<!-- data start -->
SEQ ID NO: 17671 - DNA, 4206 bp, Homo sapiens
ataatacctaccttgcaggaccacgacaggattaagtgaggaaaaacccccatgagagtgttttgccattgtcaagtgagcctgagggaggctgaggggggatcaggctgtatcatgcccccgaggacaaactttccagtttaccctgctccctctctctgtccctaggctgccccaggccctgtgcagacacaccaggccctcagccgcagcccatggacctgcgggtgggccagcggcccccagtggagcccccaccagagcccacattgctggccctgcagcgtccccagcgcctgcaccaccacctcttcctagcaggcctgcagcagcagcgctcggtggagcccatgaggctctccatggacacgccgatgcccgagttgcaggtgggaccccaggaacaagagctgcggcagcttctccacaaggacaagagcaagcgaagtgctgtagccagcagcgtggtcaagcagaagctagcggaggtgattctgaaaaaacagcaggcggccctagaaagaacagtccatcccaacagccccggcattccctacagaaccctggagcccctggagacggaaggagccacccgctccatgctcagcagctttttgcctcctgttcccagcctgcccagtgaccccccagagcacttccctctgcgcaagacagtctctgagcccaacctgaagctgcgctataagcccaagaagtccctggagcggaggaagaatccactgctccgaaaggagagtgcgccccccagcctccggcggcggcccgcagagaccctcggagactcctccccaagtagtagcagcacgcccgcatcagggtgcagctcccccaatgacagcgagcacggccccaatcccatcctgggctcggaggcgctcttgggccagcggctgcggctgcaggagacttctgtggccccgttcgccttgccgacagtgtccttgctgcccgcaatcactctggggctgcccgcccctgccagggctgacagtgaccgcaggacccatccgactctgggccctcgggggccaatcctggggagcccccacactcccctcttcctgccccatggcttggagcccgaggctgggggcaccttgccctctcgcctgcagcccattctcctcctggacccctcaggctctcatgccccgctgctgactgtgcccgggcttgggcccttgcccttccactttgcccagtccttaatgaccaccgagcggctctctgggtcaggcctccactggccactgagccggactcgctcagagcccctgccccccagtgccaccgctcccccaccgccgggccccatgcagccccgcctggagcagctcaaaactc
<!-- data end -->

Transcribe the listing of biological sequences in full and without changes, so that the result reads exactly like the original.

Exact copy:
SEQ ID NO: 17671 - DNA, 4206 bp, Homo sapiens
ataatacctaccttgcaggaccacgacaggattaagtgaggaaaaacccccatgagagtgttttgccattgtcaagtgagcctgagggaggctgaggggggatcaggctgtatcatgcccccgaggacaaactttccagtttaccctgctccctctctctgtccctaggctgccccaggccctgtgcagacacaccaggccctcagccgcagcccatggacctgcgggtgggccagcggcccccagtggagcccccaccagagcccacattgctggccctgcagcgtccccagcgcctgcaccaccacctcttcctagcaggcctgcagcagcagcgctcggtggagcccatgaggctctccatggacacgccgatgcccgagttgcaggtgggaccccaggaacaagagctgcggcagcttctccacaaggacaagagcaagcgaagtgctgtagccagcagcgtggtcaagcagaagctagcggaggtgattctgaaaaaacagcaggcggccctagaaagaacagtccatcccaacagccccggcattccctacagaaccctggagcccctggagacggaaggagccacccgctccatgctcagcagctttttgcctcctgttcccagcctgcccagtgaccccccagagcacttccctctgcgcaagacagtctctgagcccaacctgaagctgcgctataagcccaagaagtccctggagcggaggaagaatccactgctccgaaaggagagtgcgccccccagcctccggcggcggcccgcagagaccctcggagactcctccccaagtagtagcagcacgcccgcatcagggtgcagctcccccaatgacagcgagcacggccccaatcccatcctgggctcggaggcgctcttgggccagcggctgcggctgcaggagacttctgtggccccgttcgccttgccgacagtgtccttgctgcccgcaatcactctggggctgcccgcccctgccagggctgacagtgaccgcaggacccatccgactctgggccctcgggggccaatcctggggagcccccacactcccctcttcctgccccatggcttggagcccgaggctgggggcaccttgccctctcgcctgcagcccattctcctcctggacccctcaggctctcatgccccgctgctgactgtgcccgggcttgggcccttgcccttccactttgcccagtccttaatgaccaccgagcggctctctgggtcaggcctccactggccactgagccggactcgctcagagcccctgccccccagtgccaccgctcccccaccgccgggccccatgcagccccgcctggagcagctcaaaactc